Why choose Bangor University for this course?
- Lecturers with international profiles, both academic and creative.
- Taught in small groups, which allows due attention to you and your work.
- Active theatre and poetry groups, both at university and in the wider community.
Additional Course Options
This course is available with a Placement Year option where you will study for 1 additional year. The Placement Year is undertaken at the end of the second year and students are away for the whole of the academic year.
The Placement Year provides you with a fantastic opportunity to broaden your horizons and develop valuable skills and contacts through working with a self-sourced organisation relevant to your degree subject. The minimum period in placement (at one or more locations) is seven calendar months; more usually you would spend 10-12 months with a placement provider. You would normally start sometime in the period June to September of your second year and finish between June and September the following year. Placements can be UK-based or overseas and you will work with staff to plan and finalise the placement arrangements.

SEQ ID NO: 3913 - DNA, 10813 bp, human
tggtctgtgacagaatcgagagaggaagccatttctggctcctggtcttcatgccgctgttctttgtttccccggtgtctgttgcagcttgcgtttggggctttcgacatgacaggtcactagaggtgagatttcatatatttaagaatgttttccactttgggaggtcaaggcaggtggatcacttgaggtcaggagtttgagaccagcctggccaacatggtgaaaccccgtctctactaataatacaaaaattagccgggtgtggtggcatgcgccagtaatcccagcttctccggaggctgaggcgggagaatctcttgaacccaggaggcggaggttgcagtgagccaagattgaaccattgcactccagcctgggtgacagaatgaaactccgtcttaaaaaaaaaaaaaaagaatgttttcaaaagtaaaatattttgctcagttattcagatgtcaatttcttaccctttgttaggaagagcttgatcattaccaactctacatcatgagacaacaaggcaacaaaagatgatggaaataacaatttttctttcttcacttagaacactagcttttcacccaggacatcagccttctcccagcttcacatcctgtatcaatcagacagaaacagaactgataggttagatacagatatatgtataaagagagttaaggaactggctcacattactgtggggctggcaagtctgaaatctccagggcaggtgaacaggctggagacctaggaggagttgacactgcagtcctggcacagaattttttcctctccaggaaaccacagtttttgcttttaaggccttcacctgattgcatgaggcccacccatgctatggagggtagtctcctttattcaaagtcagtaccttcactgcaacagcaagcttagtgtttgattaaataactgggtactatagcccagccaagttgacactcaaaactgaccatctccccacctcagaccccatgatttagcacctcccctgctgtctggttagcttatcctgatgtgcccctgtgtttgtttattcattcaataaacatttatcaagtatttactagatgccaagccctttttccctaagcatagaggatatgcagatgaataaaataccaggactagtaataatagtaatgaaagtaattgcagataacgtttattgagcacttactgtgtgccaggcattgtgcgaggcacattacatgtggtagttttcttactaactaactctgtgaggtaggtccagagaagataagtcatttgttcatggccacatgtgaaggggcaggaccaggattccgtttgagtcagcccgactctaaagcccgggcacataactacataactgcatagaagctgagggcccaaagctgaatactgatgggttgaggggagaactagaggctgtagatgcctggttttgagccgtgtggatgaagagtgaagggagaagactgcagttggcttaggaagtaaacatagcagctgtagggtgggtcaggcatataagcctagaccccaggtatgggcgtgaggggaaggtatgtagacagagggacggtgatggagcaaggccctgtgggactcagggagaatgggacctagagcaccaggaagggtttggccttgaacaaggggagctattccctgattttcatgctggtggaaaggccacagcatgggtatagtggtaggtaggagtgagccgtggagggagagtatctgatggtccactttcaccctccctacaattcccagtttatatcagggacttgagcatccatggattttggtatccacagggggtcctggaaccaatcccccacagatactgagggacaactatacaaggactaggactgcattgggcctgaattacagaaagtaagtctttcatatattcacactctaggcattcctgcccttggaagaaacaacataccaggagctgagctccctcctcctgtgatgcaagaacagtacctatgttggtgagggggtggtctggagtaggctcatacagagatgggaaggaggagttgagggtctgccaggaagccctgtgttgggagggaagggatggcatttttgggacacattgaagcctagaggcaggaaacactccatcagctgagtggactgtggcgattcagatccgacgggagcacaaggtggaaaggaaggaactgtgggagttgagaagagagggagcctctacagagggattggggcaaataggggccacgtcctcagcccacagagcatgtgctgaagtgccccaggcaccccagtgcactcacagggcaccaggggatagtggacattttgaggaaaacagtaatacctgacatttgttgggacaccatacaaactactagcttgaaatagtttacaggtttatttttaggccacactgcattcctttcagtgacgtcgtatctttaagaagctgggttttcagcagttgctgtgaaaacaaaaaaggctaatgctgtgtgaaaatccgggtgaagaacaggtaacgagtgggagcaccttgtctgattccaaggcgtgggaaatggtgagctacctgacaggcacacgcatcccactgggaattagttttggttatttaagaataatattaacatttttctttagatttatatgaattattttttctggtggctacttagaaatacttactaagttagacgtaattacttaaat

You will be expected to find and arrange a suitable placement to complement your degree and will be fully supported throughout by a dedicated member of staff at your academic School and the University’s Careers and Employability Services.
You will have the opportunity to fully consider this option when you have started your course at Bangor and can make an application for a transfer onto this pathway at the appropriate time. Read more about the work experience opportunities that may be available to you or, if you have any questions, please get in touch.
This course is available with an International Experience Year option where you will study or work abroad for 1 additional year. You will have ‘with International Experience’ added to your degree title on graduating.